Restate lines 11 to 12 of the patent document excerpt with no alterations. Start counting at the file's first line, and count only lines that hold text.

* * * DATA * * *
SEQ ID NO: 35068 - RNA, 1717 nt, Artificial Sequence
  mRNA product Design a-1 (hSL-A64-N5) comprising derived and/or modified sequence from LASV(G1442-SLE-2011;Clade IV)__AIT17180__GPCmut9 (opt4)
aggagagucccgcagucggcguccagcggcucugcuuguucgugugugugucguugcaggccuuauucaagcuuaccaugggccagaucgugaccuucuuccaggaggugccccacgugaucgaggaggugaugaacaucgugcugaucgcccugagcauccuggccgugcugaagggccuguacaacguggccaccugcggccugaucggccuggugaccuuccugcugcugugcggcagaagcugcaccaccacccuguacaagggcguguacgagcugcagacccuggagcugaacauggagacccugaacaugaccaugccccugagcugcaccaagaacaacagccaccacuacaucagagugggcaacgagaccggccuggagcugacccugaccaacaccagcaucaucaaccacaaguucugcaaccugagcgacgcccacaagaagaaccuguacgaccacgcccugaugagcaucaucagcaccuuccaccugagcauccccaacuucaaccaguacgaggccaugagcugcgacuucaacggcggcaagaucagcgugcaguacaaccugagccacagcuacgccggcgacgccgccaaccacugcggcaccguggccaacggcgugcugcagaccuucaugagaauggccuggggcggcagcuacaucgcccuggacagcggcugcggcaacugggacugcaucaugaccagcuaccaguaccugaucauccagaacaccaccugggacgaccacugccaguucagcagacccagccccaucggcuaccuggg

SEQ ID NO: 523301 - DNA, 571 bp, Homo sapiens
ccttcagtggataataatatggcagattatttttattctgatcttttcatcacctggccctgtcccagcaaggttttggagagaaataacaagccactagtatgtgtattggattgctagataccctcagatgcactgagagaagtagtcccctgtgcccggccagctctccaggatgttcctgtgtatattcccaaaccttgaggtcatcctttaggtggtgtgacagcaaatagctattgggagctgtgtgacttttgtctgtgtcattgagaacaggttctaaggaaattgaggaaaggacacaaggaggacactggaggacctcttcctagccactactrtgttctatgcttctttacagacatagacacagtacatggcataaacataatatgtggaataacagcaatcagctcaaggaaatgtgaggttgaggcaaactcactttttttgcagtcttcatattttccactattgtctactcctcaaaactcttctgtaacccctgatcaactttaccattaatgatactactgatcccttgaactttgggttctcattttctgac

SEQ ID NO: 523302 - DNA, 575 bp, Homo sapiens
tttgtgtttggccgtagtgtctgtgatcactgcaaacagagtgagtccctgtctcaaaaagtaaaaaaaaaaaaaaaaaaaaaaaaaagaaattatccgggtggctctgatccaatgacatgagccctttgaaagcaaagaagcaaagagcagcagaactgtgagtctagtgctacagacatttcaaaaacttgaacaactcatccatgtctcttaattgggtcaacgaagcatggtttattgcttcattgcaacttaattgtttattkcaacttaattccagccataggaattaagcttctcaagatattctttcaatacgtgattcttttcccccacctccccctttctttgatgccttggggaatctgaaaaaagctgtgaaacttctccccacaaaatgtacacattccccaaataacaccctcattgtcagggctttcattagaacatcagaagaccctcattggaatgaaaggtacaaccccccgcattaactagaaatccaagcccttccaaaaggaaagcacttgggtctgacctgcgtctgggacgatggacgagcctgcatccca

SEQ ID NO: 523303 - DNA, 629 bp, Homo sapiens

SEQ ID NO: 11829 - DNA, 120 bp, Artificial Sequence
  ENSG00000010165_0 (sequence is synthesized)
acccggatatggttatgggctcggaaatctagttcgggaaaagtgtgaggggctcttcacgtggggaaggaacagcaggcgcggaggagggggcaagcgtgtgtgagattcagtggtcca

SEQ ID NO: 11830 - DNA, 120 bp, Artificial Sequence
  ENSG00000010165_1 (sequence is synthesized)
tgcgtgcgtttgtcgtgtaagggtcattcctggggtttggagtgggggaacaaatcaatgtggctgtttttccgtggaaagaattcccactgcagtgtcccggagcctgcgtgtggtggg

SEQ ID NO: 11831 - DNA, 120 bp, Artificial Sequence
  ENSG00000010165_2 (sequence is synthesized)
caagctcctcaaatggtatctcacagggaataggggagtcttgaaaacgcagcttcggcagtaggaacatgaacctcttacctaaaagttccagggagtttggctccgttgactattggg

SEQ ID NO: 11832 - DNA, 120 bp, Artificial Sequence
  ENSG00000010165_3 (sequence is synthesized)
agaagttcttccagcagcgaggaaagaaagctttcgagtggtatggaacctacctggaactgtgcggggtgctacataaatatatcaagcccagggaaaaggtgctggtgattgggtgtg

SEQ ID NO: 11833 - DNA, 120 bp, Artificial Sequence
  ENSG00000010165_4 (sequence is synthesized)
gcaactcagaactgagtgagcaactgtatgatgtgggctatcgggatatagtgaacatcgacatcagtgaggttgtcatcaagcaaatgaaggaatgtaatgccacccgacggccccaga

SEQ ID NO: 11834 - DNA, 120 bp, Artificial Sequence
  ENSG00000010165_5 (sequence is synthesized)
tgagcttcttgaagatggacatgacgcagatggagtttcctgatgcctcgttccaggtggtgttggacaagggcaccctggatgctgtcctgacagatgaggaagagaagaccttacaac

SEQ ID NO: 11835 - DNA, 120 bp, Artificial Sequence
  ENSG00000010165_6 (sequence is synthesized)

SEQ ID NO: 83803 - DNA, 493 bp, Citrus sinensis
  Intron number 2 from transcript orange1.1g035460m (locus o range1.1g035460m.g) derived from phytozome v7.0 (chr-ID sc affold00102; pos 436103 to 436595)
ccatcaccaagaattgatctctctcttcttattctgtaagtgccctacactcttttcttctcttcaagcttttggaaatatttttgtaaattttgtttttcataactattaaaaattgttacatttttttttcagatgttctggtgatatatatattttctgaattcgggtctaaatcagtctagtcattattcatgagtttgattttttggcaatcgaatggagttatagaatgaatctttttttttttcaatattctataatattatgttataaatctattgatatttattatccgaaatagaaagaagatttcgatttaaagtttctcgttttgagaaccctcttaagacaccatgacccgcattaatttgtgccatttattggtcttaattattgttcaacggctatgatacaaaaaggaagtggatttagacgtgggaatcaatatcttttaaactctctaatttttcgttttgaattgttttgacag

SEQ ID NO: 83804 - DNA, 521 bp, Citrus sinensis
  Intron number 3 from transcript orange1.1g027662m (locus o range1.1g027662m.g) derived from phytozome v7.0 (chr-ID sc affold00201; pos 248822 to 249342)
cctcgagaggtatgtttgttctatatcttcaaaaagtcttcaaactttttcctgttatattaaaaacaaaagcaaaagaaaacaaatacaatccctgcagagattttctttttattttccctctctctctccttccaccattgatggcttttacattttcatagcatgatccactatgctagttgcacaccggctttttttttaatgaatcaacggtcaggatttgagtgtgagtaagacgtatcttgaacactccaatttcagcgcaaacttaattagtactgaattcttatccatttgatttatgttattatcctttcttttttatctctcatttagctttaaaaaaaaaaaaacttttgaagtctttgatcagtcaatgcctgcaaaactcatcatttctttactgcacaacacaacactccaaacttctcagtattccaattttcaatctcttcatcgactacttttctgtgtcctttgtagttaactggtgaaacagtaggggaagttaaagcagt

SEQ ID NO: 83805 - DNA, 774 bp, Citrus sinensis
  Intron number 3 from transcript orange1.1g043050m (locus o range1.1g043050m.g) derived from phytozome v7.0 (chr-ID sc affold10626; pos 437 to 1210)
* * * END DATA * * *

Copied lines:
acccggatatggttatgggctcggaaatctagttcgggaaaagtgtgaggggctcttcacgtggggaaggaacagcaggcgcggaggagggggcaagcgtgtgtgagattcagtggtcca

SEQ ID NO: 11830 - DNA, 120 bp, Artificial Sequence